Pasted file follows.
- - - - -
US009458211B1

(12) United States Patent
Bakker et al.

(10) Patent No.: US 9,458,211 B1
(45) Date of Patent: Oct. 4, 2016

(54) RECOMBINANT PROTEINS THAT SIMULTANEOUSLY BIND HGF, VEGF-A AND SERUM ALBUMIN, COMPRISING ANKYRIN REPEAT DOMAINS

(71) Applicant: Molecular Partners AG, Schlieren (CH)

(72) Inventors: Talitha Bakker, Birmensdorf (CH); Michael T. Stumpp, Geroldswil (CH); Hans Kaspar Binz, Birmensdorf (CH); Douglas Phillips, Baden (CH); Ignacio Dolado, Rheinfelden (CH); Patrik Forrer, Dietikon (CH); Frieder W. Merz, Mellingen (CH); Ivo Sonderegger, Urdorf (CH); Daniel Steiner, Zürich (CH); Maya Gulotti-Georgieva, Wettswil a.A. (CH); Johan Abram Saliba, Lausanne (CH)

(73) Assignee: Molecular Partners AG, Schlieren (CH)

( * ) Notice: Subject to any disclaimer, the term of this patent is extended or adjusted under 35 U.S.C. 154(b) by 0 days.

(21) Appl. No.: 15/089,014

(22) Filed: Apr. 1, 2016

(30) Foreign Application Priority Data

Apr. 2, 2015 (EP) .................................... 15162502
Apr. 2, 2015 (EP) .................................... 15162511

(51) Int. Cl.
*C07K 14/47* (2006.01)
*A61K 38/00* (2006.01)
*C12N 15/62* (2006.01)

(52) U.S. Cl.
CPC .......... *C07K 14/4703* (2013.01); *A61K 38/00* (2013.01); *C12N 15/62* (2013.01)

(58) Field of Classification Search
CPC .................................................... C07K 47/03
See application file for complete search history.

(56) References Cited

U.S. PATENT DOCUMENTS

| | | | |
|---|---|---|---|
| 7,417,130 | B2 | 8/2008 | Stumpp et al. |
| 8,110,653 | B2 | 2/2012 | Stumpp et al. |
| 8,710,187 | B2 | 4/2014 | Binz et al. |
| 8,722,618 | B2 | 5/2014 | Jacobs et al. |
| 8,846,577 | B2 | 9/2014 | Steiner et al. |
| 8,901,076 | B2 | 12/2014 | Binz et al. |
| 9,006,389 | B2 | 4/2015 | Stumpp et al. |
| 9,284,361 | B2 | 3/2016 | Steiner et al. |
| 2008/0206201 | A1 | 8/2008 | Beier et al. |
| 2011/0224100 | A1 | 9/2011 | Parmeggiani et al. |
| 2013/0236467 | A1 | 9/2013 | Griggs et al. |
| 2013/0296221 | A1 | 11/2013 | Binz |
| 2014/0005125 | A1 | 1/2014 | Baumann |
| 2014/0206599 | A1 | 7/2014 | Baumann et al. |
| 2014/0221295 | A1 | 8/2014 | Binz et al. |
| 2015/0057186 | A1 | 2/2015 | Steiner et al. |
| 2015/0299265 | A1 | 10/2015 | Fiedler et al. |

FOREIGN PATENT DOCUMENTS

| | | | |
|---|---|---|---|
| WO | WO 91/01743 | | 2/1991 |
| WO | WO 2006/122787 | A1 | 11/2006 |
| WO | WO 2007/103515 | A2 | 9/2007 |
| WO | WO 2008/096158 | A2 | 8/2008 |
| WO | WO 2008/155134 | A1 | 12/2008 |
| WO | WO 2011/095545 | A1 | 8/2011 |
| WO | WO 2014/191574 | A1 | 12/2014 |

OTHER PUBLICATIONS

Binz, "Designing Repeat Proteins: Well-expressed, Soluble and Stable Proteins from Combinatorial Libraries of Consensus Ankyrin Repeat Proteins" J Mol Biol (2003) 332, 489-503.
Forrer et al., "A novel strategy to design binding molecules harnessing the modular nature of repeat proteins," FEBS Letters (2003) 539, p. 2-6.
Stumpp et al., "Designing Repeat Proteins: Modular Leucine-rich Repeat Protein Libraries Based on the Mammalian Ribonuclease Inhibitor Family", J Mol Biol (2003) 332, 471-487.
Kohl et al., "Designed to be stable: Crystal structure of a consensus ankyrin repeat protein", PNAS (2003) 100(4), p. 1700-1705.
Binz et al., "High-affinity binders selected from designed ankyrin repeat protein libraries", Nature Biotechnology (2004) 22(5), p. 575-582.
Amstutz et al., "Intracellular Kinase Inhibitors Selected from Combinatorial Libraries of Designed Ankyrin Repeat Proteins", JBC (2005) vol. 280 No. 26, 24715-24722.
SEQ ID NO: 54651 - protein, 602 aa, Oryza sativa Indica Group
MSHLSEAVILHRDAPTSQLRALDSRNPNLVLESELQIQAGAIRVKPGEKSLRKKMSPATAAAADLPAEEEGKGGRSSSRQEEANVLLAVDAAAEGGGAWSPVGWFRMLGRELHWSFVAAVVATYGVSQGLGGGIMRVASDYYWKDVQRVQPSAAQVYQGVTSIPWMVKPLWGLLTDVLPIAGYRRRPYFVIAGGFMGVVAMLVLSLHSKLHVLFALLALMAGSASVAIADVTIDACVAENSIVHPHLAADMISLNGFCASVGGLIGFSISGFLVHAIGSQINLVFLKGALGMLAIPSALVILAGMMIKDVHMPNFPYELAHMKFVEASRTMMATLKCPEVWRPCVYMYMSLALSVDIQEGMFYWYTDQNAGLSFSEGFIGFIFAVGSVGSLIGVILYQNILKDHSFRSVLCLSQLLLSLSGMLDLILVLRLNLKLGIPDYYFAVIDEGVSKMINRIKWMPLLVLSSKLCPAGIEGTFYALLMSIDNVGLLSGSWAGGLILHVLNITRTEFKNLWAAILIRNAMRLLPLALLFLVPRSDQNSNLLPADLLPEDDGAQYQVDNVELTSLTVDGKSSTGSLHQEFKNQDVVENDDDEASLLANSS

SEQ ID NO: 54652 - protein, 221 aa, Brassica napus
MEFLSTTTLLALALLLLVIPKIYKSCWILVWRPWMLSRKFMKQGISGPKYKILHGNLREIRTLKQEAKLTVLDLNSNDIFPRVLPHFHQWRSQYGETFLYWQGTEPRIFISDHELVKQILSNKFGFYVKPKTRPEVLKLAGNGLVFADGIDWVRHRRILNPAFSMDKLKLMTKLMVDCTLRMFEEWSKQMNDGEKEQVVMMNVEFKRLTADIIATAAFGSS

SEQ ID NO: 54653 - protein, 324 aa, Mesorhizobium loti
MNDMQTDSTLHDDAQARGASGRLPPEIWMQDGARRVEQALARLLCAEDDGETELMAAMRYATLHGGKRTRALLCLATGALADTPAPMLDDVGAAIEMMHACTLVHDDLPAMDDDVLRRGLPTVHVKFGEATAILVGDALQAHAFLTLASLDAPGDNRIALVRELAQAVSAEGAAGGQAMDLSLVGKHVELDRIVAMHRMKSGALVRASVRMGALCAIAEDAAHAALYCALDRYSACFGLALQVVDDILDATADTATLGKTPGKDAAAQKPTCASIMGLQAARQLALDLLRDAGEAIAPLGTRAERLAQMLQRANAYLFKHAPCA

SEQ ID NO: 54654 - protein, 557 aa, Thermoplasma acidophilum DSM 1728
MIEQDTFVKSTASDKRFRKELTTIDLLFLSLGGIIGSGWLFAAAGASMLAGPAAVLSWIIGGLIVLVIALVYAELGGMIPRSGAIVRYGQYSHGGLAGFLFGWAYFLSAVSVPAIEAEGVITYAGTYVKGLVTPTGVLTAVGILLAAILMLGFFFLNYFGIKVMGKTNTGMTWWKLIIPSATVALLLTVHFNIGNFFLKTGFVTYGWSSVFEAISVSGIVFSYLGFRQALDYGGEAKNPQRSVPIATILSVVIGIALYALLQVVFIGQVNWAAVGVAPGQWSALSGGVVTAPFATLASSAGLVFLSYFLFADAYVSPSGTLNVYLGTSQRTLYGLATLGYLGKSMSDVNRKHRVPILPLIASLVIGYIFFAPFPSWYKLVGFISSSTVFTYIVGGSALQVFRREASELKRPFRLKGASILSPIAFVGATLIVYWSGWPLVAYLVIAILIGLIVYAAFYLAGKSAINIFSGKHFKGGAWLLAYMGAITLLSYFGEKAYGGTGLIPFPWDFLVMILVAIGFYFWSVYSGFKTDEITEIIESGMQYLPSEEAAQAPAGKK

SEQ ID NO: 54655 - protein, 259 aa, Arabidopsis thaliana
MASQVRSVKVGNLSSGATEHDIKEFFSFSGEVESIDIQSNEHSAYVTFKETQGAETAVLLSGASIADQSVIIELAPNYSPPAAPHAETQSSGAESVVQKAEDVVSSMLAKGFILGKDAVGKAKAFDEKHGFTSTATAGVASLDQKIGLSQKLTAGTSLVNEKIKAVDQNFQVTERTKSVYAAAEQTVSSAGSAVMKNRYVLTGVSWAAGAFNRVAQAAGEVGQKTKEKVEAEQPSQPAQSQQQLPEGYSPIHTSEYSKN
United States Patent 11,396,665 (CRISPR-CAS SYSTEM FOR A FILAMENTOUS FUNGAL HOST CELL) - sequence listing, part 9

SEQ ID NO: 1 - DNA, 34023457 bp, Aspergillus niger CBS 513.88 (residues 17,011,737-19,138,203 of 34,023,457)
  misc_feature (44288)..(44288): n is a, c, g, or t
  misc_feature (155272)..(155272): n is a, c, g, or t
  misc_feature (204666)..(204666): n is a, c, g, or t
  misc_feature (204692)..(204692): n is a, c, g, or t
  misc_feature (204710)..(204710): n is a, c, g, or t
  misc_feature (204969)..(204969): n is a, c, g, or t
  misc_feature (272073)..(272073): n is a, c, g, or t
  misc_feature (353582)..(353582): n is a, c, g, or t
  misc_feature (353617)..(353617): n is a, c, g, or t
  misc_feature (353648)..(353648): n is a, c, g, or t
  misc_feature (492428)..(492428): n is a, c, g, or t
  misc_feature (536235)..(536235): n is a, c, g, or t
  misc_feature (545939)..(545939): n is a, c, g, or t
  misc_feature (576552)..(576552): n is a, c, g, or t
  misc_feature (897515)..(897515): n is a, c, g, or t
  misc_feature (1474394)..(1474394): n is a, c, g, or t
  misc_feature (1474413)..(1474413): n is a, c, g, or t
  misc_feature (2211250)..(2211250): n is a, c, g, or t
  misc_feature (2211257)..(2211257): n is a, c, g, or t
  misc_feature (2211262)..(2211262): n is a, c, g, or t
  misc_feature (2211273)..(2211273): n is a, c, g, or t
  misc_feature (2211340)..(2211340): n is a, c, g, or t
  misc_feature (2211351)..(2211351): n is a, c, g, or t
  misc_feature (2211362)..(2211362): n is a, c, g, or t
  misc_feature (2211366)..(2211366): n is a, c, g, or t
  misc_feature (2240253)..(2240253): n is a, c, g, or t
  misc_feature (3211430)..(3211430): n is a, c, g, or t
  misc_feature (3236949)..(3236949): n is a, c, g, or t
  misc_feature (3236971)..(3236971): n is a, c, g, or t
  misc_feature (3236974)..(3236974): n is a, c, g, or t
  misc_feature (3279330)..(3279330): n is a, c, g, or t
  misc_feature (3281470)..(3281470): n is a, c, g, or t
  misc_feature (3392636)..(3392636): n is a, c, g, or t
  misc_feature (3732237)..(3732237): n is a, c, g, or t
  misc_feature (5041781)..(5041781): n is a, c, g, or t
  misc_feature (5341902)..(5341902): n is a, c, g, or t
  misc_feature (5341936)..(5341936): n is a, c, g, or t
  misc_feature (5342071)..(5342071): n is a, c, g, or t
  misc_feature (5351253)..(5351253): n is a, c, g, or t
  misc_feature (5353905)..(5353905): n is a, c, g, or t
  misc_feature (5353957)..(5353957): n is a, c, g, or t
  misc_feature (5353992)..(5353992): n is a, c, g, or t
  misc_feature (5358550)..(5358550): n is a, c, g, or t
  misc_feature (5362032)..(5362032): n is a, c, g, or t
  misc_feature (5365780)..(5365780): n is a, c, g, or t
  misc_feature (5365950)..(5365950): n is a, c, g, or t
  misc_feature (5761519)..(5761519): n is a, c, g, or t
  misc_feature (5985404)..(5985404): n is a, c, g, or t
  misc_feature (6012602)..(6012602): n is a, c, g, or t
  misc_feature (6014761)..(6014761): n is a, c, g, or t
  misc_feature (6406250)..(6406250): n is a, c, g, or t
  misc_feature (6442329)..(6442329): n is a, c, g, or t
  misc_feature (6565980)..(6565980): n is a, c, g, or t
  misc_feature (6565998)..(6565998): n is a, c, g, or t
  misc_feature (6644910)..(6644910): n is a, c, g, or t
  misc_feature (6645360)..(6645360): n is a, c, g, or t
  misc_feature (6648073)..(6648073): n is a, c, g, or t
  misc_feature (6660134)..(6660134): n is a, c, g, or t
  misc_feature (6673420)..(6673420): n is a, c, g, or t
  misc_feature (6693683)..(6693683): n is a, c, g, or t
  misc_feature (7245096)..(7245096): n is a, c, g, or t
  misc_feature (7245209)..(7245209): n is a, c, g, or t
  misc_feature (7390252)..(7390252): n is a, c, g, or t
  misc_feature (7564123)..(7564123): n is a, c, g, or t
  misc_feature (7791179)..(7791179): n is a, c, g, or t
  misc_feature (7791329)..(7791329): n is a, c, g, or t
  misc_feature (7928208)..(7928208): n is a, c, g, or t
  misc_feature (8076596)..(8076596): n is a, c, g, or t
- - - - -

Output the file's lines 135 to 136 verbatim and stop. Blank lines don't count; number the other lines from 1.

  misc_feature (7245096)..(7245096): n is a, c, g, or t
  misc_feature (7245209)..(7245209): n is a, c, g, or t